Sibiloi National Park

LifeStyleTravelSibiloi National Park
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Sibiloi National Park lies on the northeastern shore of Lake Turkana in northern Kenya. Established in 1973 by the government of Kenya for the protection of wildlife and paleontologist sites there, it covers 1,570 km2 (610 sq mi) and is internationally known for its fossils. It was listed as a UNESCO World Heritage Site in 1997 as a part of Lake Turkana National Parks.

Located on the wild and rugged shores of Lake Turkana – the cradle of mankind – Sibiloi is home to important archaeological sites including Koobi Fora where the fossil remains have contributed more to the understanding of human evolution than any other site in the continent. The area is characterized by semi-desert habitat and open plains flanked by volcanic formations including Mount Sibiloi, where the remains of a petrified forest can be seen. Sibiloi serves as a stopover for migrant waterfowl and is a major breeding ground for the Nile crocodile. Terrestrial wildlife includes zebras, Grant gazelles, lions, leopards, stripped hyenas, Beisa Oryx, greater kudu, cheetahs and northern topi among others. A total of over 350 species of aquatic and terrestrial bird have been recorded in Lake Turkana. Sibiloi is surrounded by the Turkana, the Gabra and the Dassanach who are communities with very rich and unpolluted traditional cultures.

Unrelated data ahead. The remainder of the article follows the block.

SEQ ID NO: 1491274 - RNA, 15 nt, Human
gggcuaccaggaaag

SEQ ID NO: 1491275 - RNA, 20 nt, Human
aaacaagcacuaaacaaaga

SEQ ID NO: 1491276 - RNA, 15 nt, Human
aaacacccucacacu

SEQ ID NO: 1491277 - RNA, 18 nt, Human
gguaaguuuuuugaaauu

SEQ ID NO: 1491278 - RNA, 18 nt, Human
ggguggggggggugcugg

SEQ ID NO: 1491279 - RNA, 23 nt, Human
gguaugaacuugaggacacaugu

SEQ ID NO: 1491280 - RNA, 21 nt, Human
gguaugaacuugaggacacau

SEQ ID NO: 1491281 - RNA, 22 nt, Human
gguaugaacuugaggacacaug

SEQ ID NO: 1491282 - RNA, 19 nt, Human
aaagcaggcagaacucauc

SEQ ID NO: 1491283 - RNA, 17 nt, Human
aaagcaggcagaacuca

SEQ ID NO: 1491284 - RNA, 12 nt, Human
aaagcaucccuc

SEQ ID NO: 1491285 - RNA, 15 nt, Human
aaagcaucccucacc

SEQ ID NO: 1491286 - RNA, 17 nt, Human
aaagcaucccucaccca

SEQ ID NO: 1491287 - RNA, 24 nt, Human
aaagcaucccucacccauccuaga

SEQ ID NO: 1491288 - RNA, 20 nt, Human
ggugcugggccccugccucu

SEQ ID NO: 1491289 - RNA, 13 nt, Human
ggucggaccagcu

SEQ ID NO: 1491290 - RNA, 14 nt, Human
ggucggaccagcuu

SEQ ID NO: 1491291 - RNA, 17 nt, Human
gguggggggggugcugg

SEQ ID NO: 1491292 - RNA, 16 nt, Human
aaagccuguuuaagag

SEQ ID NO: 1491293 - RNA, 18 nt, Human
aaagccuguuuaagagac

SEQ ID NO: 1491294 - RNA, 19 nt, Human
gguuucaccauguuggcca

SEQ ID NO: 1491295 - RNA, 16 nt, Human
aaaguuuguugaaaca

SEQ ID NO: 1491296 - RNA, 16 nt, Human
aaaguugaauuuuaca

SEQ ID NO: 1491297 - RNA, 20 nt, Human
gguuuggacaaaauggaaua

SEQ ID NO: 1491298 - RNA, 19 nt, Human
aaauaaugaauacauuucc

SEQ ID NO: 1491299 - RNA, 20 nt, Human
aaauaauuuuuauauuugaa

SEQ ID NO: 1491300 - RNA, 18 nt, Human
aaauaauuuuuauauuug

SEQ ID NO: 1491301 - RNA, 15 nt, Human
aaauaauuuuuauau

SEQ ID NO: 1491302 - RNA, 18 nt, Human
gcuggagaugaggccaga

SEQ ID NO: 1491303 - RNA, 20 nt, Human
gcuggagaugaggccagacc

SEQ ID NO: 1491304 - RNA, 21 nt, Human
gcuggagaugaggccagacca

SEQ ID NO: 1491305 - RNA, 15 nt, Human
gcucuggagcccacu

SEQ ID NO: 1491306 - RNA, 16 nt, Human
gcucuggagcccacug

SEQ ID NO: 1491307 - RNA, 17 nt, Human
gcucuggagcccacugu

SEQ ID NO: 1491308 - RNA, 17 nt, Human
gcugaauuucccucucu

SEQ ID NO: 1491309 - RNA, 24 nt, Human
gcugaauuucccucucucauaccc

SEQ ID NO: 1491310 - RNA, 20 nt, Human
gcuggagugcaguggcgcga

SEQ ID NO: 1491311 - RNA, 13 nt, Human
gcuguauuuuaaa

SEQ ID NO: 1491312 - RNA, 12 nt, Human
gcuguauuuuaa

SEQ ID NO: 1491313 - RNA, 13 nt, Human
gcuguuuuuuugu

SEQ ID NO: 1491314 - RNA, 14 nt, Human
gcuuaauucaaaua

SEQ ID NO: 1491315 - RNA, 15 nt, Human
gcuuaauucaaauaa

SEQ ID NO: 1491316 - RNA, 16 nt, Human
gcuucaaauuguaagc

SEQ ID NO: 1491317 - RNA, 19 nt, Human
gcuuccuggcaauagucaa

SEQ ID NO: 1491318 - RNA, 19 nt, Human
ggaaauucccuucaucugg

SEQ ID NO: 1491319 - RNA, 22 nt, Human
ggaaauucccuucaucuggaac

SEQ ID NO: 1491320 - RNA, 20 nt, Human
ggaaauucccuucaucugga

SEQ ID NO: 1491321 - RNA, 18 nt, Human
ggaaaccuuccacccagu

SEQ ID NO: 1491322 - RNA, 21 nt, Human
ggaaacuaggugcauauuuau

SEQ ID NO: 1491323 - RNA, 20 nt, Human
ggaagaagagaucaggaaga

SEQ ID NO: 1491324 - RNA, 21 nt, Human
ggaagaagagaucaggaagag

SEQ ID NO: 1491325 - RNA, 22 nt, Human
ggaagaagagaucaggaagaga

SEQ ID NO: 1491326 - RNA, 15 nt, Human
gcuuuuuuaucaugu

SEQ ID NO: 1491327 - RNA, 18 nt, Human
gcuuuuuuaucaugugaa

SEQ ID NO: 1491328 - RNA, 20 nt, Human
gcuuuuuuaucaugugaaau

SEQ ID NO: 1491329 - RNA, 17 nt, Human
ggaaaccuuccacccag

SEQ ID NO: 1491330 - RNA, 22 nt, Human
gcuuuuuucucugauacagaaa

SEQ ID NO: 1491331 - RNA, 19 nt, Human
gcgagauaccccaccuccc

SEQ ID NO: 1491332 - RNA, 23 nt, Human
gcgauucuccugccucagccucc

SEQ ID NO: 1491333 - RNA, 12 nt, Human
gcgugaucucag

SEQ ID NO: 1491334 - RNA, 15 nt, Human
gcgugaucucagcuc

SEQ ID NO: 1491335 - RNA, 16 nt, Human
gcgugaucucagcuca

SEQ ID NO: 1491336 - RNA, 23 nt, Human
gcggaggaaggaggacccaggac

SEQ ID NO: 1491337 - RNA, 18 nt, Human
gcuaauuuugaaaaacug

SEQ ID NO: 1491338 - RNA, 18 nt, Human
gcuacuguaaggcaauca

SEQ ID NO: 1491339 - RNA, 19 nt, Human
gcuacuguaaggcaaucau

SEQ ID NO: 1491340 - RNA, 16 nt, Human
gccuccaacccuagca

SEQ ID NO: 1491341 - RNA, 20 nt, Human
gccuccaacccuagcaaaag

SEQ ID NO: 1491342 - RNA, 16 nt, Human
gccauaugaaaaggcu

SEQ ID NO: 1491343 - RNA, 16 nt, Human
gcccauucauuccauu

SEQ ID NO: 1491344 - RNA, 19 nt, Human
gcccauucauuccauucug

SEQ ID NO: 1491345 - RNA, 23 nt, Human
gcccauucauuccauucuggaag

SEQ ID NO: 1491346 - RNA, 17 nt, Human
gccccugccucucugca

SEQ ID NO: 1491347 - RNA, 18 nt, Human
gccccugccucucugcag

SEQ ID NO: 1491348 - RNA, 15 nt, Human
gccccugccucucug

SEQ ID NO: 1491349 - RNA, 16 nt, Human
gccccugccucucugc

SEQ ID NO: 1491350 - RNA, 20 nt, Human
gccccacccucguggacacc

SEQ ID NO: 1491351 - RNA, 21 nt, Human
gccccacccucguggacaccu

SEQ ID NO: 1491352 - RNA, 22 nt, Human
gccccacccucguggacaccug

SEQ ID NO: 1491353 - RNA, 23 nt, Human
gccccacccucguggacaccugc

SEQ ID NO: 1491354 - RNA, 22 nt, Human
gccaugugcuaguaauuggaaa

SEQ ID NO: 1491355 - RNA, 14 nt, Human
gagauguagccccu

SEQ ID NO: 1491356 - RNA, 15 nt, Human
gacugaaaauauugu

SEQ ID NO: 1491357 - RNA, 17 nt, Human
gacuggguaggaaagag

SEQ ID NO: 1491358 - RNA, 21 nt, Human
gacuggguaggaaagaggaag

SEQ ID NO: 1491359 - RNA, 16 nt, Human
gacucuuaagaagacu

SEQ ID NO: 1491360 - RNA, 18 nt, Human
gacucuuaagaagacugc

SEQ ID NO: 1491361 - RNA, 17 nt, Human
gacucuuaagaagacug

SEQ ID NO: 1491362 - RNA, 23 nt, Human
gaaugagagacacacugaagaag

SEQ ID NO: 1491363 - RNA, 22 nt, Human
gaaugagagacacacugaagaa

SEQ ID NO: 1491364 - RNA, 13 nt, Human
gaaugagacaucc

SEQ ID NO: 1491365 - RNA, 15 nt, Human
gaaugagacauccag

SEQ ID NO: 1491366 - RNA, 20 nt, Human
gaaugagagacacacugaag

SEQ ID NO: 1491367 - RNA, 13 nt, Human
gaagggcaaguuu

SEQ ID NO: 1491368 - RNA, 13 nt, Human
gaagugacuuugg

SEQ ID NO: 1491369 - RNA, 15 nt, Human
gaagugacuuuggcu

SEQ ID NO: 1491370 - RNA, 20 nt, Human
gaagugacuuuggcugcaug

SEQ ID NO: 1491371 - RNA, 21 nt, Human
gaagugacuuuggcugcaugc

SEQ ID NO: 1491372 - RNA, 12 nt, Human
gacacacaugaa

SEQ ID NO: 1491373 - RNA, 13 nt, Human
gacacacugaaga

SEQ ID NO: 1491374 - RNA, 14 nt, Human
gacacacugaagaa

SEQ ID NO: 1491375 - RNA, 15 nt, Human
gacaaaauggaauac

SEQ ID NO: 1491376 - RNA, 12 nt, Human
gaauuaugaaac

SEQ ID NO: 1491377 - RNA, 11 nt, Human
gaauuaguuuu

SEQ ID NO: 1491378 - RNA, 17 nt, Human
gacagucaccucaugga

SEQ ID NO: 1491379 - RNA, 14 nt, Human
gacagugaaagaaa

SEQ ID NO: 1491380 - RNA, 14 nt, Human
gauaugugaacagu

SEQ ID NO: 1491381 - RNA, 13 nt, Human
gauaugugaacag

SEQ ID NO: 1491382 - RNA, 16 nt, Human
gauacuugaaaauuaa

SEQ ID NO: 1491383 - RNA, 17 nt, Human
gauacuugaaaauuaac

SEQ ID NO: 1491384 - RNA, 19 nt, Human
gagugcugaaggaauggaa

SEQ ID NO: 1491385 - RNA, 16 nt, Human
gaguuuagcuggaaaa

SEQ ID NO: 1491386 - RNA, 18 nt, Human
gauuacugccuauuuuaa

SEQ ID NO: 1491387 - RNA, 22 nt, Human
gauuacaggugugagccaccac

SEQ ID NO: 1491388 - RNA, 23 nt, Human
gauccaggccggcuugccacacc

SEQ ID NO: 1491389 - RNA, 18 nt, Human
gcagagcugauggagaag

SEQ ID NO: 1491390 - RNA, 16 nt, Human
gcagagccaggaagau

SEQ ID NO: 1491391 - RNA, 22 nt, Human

Sibiloi National Park is located on the wild and rugged shores of Lake Turkana – the cradle of mankind – Sibiloi is home to important archaeological sites including Koobi Fora where the fossil remains have contributed more to the understanding of human evolution than any other site in the continent. The area is characterized by semi-desert habitat and open plains flanked by volcanic formations including Mount Sibiloi, where the remains of a petrified forest can be seen.

The park was named for Mount Sibiloi in view at Alia Bay on the south perimeter. There also is located the park headquarters of the Kenya Wildlife Service, the administering authority; camping and short-stay facilities for visitors; and the Koobi Fora Museum. Koobi Fora Spit with the facilities of the Koobi Fora research Center are to the north, but are accessible through guided tours.

The most famous remains from the park are the Australopithecus and early Homo fossils. These have been moved to Nairobi, but fossil non-humanoids are on display in the museum.

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